# Bonus Assignment: Implementing Convex Hull Algorithms

The main goal of the bonus project is to learn about the peculiarities of implementing geometric algorithms. Furthermore, you may see that there may be differences between theory and practice in terms of performance of the algorithms.

## The assignment

In groups of two or three you will implement two or three algorithms to compute the convex hull of a set of *n* points in ℝ^{2}, and experimentally evaluate them. In case your group consists of three people, implement (at least) three algorithms. For all algorithms, try to find a “type” of data sets where this algorithm performs better than the other algorithm(s). Finally, write a short, at most two pages, paper/report about your findings.

## The algorithms

The algorithms you can choose from are

- Graham Scan (the algorithm that we covered in detail in lecture one),
- Quickhull,
- Jarvis March,
- Divide and Conquer

or, if you like some additional challenge,

- Chan’s Algorithm (see also the original paper)

## The implementation

The most important aspect of your implementation is **correctness**. That is, make sure that your algorithms **always** produces the correct convex hull, even if the input is degenerate. For example, if there may be three points on a line. Report only the strictly convex vertices (i.e. at which the interior angle is strictly less than *π*/2), and in clockwise order.

You will likely run in to an additional issue that, in the theory part of the course, we mostly ignore. See for example what happens when all input points are **almost** on a line. Think about a way to avoid this issue, and state in your paper what you did to tackle it.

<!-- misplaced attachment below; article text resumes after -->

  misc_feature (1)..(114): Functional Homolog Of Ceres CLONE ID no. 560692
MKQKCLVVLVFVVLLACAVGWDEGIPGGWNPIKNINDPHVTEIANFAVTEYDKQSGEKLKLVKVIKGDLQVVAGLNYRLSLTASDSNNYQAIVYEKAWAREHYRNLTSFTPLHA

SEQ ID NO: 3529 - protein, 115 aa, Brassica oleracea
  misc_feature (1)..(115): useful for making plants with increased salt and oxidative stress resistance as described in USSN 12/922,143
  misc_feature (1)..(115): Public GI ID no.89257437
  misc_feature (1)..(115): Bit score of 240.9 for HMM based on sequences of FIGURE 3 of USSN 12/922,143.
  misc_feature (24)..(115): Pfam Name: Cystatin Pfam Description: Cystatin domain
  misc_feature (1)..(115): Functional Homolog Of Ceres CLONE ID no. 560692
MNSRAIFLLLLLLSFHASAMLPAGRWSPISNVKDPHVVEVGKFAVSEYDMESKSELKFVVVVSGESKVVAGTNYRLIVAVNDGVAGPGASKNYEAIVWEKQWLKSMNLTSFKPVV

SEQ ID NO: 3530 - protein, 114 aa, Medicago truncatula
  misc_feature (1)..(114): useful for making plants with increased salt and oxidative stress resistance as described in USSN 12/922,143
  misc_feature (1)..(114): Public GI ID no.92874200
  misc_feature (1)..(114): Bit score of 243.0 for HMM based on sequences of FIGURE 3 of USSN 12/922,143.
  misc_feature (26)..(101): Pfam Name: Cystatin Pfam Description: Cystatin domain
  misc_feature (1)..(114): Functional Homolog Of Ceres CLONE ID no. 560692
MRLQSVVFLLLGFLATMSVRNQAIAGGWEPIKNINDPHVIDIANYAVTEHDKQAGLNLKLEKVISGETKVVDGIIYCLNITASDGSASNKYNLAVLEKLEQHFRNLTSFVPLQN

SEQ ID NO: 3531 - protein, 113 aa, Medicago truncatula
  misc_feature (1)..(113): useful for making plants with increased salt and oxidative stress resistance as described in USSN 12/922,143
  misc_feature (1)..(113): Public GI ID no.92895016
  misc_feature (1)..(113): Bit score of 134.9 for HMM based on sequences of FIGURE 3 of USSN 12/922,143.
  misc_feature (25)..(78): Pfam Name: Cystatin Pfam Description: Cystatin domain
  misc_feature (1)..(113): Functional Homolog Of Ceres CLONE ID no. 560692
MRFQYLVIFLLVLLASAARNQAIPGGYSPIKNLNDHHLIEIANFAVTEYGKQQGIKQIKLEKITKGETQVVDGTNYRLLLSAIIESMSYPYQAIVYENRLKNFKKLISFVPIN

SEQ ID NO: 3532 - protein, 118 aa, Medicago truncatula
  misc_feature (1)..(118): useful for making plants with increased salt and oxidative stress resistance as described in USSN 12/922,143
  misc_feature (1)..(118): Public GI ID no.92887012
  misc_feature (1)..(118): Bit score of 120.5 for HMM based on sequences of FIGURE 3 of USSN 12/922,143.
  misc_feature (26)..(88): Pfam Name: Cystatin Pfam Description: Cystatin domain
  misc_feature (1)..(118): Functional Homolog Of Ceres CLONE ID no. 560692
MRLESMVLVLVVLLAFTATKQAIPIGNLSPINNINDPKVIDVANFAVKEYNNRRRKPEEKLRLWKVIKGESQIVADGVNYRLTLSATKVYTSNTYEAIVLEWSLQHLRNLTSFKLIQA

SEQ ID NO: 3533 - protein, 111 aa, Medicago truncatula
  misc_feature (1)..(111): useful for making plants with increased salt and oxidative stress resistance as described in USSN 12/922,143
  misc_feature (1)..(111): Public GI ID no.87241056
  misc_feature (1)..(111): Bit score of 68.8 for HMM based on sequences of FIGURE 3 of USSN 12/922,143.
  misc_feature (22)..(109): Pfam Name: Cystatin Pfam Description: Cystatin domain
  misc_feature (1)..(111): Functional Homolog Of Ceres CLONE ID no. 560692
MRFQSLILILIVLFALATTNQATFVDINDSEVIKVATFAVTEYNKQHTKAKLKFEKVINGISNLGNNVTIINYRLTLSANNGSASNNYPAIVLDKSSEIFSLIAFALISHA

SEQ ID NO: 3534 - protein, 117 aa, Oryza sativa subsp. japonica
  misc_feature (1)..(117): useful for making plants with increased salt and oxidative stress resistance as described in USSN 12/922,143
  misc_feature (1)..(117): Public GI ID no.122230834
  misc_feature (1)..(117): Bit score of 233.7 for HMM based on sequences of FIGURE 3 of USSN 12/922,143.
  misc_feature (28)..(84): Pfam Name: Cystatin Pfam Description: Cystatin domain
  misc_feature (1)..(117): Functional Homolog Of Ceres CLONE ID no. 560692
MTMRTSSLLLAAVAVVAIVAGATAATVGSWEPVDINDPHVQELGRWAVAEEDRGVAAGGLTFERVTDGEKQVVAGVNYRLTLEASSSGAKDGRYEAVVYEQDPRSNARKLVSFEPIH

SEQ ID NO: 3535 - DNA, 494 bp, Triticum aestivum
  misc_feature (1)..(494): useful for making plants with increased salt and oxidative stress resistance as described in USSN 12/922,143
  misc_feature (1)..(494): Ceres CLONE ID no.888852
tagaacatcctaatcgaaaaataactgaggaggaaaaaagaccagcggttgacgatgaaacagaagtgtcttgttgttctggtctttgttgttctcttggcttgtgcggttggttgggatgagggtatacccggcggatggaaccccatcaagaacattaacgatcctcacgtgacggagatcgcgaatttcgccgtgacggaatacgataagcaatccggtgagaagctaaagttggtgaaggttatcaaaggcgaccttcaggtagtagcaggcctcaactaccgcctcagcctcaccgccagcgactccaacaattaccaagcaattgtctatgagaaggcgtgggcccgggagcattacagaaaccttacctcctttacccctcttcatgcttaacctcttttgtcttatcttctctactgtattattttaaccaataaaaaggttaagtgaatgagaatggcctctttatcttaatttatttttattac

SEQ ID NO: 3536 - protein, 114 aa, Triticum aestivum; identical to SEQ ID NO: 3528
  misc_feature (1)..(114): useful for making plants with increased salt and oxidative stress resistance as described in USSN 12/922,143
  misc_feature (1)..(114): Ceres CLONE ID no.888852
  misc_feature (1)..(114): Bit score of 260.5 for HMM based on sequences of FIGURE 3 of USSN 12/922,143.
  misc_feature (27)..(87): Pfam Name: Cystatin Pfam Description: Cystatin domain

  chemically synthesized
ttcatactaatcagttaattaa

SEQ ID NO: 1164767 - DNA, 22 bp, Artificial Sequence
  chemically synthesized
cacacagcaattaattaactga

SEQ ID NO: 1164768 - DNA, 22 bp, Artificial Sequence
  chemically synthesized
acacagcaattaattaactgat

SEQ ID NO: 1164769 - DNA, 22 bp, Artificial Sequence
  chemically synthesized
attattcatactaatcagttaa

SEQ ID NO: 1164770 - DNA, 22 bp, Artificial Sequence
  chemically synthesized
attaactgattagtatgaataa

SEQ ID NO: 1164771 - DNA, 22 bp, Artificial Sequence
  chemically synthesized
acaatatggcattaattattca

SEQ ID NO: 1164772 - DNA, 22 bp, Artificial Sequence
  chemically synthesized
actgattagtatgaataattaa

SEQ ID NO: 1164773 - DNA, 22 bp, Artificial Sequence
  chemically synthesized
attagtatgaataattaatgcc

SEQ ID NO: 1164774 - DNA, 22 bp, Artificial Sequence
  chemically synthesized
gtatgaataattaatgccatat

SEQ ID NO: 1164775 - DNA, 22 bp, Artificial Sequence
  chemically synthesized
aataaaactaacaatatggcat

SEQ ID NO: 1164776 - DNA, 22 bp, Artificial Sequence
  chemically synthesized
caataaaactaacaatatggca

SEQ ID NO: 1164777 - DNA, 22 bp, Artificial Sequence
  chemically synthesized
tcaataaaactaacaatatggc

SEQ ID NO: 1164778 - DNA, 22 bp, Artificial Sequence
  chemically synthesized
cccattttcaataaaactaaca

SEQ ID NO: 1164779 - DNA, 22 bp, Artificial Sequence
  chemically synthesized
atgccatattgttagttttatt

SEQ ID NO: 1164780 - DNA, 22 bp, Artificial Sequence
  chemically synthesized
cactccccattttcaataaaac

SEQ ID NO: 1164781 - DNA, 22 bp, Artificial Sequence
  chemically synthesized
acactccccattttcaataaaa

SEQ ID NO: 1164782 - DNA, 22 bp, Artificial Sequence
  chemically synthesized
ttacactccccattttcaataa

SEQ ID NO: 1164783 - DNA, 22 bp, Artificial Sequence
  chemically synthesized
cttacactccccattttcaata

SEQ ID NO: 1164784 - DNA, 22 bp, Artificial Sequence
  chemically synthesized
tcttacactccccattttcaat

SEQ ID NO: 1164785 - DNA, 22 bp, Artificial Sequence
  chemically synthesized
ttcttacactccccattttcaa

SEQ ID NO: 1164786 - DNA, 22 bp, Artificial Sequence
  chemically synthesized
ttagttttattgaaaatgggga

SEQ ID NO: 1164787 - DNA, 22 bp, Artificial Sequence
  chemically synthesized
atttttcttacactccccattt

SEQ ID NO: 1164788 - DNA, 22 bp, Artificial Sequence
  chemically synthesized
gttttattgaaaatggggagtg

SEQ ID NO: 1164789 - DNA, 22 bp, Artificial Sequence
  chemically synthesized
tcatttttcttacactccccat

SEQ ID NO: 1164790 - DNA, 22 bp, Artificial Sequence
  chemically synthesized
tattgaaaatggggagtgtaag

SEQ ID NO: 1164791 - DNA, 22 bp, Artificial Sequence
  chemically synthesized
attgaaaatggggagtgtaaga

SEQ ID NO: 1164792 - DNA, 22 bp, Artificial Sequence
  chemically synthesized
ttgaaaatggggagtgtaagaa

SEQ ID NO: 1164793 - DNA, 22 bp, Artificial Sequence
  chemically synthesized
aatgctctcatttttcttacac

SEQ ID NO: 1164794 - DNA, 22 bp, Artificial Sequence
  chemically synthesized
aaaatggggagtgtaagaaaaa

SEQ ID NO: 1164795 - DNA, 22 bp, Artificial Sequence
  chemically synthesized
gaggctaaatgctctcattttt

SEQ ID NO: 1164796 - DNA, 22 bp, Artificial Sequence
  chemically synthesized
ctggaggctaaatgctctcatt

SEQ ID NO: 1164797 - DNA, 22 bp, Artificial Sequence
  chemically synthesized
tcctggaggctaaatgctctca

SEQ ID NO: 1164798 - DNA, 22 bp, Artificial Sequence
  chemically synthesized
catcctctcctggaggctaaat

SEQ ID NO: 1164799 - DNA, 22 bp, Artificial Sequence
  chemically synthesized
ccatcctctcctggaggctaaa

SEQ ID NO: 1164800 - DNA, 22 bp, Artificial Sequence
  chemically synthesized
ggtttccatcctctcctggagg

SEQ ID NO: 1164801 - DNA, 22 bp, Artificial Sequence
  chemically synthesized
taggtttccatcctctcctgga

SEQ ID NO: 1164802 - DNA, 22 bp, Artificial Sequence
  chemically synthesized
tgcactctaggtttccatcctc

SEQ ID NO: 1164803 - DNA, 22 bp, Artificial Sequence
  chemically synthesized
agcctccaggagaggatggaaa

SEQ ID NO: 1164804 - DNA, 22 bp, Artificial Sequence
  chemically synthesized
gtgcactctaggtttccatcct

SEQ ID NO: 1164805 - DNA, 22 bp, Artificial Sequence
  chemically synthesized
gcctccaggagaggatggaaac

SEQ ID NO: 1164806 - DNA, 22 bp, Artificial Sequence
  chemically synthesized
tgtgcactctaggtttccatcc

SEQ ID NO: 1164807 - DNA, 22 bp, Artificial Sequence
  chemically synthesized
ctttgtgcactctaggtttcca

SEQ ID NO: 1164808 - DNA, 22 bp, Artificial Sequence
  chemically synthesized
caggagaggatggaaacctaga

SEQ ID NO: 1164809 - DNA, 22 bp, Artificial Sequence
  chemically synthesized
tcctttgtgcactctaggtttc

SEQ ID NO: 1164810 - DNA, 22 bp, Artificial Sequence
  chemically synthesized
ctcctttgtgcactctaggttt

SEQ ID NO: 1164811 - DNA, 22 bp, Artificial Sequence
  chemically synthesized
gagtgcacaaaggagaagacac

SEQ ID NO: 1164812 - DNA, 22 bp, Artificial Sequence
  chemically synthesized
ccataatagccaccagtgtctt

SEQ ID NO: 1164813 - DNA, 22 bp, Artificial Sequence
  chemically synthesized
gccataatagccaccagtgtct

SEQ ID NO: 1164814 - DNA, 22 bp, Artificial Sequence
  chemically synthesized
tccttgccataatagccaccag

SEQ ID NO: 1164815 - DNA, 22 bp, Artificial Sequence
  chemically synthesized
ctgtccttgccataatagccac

## The Experimental Setup

Briefly describe how you obtain/create the data sets you can evaluate your algorithms on. Consider at least two different “types” ways of creating data sets. In particular, for each algorithm *A*, try to find a “type” of data set for which it computes the convex hull faster than the other algorithm(s). If for cannot find such a set for an algorithm *A*, explain what you tried, and why you think the other algorithm performs better than *A* on all your data sets.

Make sure to vary the number of points *n* in the input datasets, and report the running time of the algorithms.

## The paper/report

You will write a short, maximum two page, paper that states

- which algorithms you implemented,
- a very short description of the context (i.e. language and environment) in which you implemented your algorithms and your experimental setup,
- how you made sure that your algorithms are guaranteed to be correct,
- your experimental results (in some easy to read way), and
- a very short, one at most paragraph, conclusion with a recommendation on which algorithm to use when.

Make sure it is well written, and has clear exposition of the data sets and the results. Use figures, graphs, plots, etc. when appropriate.

## The Assessment

The assessment will be based on your paper/report only (but you may have to provide your code on request). In particular, on

- how you made sure that your algorithms are correct,
- how you evaluated your algorithms (i.e. which data sets did you use/generate), and
- the presentation of your experimental results.

## How/When to hand in your report

Hand in your report by email (at f <dot> staals <at> uu <dot> nl) by Fri 24 Jan 2020 23:59 (CET).